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Putting It All Together: How Cranes Fly


To learn the general principles of bird flight, you may wish to start with our
Bird Flight Primer
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Cranes have large wings, a long neck, and long legs. They fly with their legs stretched out behind and their neck stretched out ahead. Their long, wide wings allow them to fly using different kinds of flight techniques, but because their wings are so long and wide, it takes a lot of energy to flap them — just like it's a lot of work running with a large kite until it takes off!

When cranes fly just a few miles or less, they use typical flapping flight. They usually flap with steady, fairly shallow beats until they come in for a landing. Then they use their legs and wings to slow down and ease their way to the ground.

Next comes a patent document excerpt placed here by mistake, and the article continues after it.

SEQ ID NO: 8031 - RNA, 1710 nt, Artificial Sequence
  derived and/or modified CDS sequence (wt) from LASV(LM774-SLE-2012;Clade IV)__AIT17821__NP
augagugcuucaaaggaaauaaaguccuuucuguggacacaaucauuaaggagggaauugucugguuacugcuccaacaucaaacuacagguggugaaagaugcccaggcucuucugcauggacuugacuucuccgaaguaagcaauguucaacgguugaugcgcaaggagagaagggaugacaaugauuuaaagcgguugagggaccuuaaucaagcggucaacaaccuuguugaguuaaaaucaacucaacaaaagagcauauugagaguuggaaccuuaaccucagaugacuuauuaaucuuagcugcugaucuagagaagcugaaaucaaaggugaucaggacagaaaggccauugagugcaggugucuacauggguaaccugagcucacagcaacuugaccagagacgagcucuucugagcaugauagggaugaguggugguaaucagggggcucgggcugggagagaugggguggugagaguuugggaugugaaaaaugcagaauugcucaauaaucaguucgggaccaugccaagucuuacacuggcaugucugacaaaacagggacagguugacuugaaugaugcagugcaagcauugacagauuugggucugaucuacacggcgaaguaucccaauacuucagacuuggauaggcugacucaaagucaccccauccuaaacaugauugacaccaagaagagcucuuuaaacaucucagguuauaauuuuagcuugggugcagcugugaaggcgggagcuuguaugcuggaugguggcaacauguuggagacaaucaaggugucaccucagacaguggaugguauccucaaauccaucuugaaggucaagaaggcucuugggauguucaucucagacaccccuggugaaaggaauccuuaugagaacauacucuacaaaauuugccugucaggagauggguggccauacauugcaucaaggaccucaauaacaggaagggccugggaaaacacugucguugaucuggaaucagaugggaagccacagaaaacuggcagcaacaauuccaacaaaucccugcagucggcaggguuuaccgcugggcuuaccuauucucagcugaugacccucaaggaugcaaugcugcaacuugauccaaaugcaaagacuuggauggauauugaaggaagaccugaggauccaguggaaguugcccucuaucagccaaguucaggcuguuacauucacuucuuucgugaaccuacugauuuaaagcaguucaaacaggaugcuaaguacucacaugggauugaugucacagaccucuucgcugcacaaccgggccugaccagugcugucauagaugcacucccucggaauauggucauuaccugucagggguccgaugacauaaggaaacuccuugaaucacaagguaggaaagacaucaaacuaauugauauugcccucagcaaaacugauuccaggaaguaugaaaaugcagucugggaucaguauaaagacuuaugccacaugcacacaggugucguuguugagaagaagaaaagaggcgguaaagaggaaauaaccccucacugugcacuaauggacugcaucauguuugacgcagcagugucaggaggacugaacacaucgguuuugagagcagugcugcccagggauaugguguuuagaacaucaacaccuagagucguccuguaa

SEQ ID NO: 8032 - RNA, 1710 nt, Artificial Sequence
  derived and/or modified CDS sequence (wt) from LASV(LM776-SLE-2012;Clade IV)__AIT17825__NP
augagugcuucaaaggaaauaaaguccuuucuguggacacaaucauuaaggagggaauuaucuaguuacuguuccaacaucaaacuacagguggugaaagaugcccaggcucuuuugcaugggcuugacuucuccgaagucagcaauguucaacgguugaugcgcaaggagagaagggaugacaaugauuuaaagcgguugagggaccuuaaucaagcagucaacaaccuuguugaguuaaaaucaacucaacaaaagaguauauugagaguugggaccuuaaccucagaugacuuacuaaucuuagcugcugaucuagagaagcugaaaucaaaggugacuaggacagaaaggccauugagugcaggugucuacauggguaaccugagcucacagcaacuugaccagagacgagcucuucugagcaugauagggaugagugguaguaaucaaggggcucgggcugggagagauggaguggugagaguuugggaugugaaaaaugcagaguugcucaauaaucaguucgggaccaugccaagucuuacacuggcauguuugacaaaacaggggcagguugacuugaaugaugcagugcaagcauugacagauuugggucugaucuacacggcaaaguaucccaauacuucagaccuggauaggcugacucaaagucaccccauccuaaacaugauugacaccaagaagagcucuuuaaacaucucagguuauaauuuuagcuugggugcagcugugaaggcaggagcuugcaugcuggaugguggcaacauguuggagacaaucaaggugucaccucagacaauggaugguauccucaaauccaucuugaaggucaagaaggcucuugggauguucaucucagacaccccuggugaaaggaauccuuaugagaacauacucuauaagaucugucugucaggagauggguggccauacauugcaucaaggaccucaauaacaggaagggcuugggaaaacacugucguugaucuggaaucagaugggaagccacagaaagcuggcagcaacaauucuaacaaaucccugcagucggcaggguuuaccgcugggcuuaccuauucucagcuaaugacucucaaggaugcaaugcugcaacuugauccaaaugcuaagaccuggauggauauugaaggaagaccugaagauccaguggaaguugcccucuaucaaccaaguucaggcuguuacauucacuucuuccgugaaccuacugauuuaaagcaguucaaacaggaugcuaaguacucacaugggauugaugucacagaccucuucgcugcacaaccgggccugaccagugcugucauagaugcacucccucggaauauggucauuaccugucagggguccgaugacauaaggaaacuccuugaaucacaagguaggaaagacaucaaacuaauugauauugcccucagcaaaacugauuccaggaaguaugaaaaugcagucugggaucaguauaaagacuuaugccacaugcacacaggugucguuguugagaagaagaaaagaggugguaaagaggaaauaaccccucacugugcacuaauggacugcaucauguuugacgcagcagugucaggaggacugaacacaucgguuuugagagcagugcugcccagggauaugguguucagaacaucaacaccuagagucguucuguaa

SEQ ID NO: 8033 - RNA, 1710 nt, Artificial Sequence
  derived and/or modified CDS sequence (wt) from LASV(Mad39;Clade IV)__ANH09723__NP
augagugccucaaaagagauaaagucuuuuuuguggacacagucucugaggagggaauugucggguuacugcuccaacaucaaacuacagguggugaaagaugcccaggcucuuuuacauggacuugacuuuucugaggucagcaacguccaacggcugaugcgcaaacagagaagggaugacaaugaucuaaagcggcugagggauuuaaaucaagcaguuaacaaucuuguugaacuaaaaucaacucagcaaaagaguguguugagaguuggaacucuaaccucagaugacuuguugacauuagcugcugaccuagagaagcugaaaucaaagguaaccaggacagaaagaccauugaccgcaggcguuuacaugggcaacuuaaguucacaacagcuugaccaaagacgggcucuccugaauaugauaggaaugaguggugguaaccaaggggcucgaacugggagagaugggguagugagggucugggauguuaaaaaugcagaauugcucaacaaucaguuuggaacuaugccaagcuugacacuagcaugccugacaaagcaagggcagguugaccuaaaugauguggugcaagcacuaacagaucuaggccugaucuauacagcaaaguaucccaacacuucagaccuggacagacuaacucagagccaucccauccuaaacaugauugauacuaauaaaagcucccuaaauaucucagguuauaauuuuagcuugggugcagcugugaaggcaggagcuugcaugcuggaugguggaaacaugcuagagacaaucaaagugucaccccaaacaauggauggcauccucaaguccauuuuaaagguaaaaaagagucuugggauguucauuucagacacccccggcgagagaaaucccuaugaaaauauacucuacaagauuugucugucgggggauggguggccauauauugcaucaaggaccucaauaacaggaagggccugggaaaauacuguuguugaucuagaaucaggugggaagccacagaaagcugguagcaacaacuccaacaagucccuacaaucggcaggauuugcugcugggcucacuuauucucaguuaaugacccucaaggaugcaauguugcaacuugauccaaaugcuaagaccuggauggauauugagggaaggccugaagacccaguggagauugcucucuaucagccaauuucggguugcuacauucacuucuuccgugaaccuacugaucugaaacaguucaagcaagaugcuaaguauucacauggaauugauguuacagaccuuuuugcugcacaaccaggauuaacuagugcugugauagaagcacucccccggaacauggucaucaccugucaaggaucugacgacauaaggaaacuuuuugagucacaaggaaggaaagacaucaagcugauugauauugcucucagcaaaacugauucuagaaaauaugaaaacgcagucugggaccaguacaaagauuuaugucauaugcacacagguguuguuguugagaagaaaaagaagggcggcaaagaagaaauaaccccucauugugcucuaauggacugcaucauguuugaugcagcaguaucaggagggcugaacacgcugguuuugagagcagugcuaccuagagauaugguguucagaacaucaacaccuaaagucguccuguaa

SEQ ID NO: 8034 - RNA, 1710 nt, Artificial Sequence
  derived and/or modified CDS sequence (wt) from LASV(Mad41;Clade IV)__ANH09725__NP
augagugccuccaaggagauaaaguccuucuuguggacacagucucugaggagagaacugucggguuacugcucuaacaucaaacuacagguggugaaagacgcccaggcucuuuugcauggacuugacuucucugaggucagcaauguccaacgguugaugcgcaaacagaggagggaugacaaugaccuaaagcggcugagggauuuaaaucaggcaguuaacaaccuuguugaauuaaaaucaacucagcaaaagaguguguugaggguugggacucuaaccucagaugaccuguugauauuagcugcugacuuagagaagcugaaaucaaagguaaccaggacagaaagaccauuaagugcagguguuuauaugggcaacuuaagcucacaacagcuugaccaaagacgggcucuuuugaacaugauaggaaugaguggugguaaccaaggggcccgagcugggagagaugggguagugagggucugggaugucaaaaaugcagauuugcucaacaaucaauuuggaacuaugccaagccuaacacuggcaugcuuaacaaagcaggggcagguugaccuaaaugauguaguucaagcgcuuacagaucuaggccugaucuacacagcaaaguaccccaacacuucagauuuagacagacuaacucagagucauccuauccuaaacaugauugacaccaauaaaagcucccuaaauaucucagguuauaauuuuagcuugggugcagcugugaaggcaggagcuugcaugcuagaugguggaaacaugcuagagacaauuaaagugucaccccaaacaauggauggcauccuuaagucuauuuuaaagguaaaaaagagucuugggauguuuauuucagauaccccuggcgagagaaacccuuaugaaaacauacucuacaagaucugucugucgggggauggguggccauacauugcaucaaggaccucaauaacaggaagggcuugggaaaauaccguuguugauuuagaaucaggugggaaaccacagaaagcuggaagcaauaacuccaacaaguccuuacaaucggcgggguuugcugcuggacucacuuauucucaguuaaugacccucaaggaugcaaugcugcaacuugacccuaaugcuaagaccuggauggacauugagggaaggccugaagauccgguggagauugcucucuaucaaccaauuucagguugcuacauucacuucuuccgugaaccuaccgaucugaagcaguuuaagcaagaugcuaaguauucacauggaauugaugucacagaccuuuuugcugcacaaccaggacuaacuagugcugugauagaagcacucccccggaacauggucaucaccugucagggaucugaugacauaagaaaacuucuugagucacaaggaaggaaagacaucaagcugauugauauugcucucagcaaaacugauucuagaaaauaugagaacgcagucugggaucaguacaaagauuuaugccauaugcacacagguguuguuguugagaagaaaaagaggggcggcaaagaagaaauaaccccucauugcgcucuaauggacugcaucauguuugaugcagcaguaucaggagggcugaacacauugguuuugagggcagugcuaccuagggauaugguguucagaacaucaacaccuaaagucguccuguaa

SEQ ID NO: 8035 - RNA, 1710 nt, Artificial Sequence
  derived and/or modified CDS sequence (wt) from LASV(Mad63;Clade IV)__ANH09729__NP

When cranes fly long distances, especially on migration, they often soar on thermals until they reach a great altitude. Then they use a combination of gliding/soaring and occational flapping to cover the longest distance using the least amount of energy.


Try This! Flying Cranes (and Contest)
This silhouette was drawn from a real crane. But can it fly?
Crane silhouette pattern
See if you can design a crane that can really fly, or at least glide. Use cardboard, paper, paste or glue, paper clips, and any other materials you want to try. If you want a pattern designed from a real crane silhouette, click on the small pattern to see a larger one. Or try to develop your own pattern; use paper airplane designs or anything else that might work. Get together with other crane makers to test the birds. Which stay aloft the longest? Which fly the farthest?

 


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